Kannon Haskins shares his story of addiction

NOVEMBER 16, 2012
by Shannice Singletary ’14, Contributing Writer

“Hi, My name is Kannon Haskins and I am an addict and an alcoholic. I am also a father. I am a teacher. And I am a Fuman alum.”

Kannon Haskins introduced himself to us as if we were a crowd who knew his struggle, familiar faces at an AA meeting, as if he had no problem sharing his personal story, despite how harrowing it was. Hayley Cunningham of PHOKUS, Furman’s peer education group on healthy living, introduced Dr. Haskins to a large student audience in Burgiss Theater, Wednesday, November 14.

Kannon Haskins has always been confident in his ability to achieve most things that he set out to do. He lists his accomplishments—graduating Furman, getting into medical school, building a successful private practice and clinics overseas, gaining prominence in his community—yet underneath these wins, he was losing a battle with addiction.

“Addiction is a disease that will tell you all the way to your last breath that you’re okay.”

Showing us pictures of himself as a young boy, Haskins tells us about the beginnings of his addiction, the day that he realized pain medicine made him “feel good,” and then with college came experimentation with alcohol.

“The first time I drank alcohol, I drank the whole bottle because it made me feel good. Alcohol became my reward [for studying hard],” he said.

As he progressed into adulthood, Haskins began abusing prescription drugs, and his attempts to give them up caused horrific withdrawal symptoms the likes of which none of us could imagine. His career and marriage suffered and his family was forced to barely scrape by financially, living paycheck to paycheck. Eventually it became more than he or his family could handle, and Haskins wound up in rehab, cut off from everyone he loved and fighting for the strength to triumph over his addiction.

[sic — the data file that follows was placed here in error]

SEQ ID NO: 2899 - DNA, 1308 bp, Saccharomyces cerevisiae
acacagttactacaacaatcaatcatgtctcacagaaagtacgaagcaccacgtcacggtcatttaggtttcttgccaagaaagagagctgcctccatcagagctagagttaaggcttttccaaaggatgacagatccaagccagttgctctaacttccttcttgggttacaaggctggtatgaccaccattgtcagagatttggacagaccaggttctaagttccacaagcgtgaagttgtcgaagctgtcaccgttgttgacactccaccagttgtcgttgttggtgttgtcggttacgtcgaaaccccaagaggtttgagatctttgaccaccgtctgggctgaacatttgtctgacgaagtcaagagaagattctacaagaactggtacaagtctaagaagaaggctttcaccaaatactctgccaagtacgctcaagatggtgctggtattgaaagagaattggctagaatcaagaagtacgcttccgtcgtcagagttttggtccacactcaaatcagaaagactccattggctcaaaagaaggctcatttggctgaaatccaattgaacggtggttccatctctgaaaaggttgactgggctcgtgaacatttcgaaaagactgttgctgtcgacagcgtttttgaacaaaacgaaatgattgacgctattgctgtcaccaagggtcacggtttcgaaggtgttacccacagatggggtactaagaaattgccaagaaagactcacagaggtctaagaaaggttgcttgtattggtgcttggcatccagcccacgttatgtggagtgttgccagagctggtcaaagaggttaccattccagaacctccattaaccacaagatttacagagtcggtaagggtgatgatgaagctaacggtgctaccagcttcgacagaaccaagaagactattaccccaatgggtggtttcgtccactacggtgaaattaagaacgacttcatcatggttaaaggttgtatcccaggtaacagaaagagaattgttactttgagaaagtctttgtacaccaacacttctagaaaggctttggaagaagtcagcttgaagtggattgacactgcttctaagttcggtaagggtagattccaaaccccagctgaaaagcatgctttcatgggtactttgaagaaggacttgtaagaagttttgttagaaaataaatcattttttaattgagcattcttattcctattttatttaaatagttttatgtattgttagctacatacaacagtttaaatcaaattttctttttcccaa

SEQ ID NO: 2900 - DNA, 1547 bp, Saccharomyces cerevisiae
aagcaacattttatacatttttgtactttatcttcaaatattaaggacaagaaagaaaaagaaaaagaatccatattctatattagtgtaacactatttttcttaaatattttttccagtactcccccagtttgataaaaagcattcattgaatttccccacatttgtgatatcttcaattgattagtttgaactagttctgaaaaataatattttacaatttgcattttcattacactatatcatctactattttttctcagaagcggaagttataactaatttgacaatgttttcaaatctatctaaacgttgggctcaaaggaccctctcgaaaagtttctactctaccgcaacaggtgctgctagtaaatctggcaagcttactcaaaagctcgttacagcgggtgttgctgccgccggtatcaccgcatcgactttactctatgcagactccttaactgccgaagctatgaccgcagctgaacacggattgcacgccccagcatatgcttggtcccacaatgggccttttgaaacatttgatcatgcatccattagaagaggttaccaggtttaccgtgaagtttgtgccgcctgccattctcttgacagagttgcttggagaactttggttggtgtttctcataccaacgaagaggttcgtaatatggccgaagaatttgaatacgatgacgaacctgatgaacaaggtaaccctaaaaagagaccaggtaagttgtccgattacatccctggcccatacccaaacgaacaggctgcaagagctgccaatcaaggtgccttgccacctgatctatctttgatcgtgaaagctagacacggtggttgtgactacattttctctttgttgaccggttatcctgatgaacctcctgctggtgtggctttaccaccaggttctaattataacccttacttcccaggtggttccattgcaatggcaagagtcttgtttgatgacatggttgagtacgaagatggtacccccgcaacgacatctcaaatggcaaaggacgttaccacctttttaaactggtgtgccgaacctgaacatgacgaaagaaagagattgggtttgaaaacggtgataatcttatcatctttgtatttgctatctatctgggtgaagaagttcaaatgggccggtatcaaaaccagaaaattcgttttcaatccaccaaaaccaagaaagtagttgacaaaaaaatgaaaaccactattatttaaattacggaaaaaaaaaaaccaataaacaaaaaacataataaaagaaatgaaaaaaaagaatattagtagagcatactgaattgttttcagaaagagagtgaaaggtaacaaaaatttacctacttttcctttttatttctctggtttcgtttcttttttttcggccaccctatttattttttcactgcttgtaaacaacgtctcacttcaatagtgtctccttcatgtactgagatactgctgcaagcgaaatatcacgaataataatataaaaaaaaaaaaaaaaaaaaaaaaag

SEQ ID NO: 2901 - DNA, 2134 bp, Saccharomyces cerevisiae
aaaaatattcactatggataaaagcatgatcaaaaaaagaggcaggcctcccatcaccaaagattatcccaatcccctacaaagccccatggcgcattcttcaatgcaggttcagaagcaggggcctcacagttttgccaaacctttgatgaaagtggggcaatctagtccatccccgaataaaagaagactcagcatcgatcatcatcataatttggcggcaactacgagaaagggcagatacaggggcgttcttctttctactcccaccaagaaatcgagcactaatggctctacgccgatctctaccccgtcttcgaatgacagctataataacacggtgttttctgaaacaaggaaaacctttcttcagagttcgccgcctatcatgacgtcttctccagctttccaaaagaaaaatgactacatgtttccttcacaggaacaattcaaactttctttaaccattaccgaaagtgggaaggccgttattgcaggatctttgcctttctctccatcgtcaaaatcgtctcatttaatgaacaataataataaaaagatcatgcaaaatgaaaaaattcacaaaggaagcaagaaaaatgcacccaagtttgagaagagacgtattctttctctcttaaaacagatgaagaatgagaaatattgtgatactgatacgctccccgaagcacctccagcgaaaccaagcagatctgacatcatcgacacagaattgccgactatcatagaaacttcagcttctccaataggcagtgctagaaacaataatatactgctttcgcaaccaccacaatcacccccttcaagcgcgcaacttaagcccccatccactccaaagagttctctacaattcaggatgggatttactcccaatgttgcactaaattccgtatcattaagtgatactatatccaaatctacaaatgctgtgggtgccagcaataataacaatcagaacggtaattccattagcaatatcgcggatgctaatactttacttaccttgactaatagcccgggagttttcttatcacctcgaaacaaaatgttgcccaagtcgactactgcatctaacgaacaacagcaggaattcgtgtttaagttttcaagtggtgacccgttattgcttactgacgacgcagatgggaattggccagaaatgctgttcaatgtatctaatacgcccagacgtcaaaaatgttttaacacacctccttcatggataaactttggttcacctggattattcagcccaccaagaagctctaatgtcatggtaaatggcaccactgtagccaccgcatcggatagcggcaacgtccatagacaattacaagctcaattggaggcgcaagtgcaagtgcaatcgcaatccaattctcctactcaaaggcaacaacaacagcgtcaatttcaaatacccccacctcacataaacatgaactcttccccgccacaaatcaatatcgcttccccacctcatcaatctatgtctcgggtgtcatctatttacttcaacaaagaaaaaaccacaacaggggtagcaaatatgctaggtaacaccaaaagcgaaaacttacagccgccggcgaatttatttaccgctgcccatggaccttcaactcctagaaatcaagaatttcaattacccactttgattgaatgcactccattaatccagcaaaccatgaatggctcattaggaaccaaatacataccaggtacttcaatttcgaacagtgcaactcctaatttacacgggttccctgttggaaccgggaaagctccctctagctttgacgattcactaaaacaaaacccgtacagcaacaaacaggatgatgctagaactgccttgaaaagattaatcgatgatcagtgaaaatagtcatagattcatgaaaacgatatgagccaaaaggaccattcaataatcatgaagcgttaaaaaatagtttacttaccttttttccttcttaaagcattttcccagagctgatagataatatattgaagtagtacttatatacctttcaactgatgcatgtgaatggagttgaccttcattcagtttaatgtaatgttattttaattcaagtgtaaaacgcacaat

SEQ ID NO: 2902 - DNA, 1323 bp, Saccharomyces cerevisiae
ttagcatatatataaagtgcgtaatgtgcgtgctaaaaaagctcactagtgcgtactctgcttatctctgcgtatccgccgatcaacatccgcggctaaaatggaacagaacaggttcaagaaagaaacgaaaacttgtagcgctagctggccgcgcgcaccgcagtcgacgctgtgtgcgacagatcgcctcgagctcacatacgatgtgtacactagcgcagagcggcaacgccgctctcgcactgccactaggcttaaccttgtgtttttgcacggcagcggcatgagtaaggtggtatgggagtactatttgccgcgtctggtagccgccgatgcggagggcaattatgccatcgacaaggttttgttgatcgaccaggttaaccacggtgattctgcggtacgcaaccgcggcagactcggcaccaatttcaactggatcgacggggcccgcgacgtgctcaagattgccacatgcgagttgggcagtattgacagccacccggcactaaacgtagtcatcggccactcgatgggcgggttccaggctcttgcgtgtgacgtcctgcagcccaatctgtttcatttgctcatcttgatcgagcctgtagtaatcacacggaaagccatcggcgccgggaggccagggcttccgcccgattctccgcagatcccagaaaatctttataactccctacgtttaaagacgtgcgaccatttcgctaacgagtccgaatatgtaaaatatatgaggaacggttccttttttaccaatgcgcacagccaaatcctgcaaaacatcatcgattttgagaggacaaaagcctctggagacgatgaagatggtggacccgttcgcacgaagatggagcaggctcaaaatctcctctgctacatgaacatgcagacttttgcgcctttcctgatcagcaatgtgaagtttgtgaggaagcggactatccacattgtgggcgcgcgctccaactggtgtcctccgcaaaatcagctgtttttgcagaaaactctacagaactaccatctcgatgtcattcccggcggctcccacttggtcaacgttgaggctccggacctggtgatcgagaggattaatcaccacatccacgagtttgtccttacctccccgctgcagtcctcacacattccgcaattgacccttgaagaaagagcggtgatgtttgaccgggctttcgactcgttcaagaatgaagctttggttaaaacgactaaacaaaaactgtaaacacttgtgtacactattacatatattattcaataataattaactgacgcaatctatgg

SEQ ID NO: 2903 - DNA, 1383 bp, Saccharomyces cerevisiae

“[I would ask myself] How did I get in this mess? How did this happen? How could I have gone from being a pillar in the community to this? I hadn’t had a DUI and I hadn’t had any legal issues . . .YET. And I like to use the word “YET” because it means, “You’re Eligible Too.”

Haskins stressed this point to his student audience—anyone who abuses a substance is “eligible” for the ruin that addiction brings.

Since Haskins left rehab, he has been alcohol and drug free for years. Now he travels around sharing his story of addiction and how he overcame it. At many points his story was hard to listen to, but it is one that students need to hear.

“I share this with you with the intent of putting all my defenses down, because I don’t have any secrets. And it should be okay to talk about this . . . Alcohol and drugs don’t bother me anymore,” said Haskins triumphantly concluding his urgent message.

Presented by Furman PHOKUS, the lecture was preceded by a pre-CLP “Mocktail” event where students participated in a variety of mini-games intended to educate them about the dangers of drug and alcohol abuse. Students were also tested on their knowledge and awareness of alcohol and drug related issues, and were informed about topics such as date rape drugs and clarifications of common student misconceptions of drinking.

For more information about Furman PHOKUS, visit http://furman.edu/orgs/phokus/.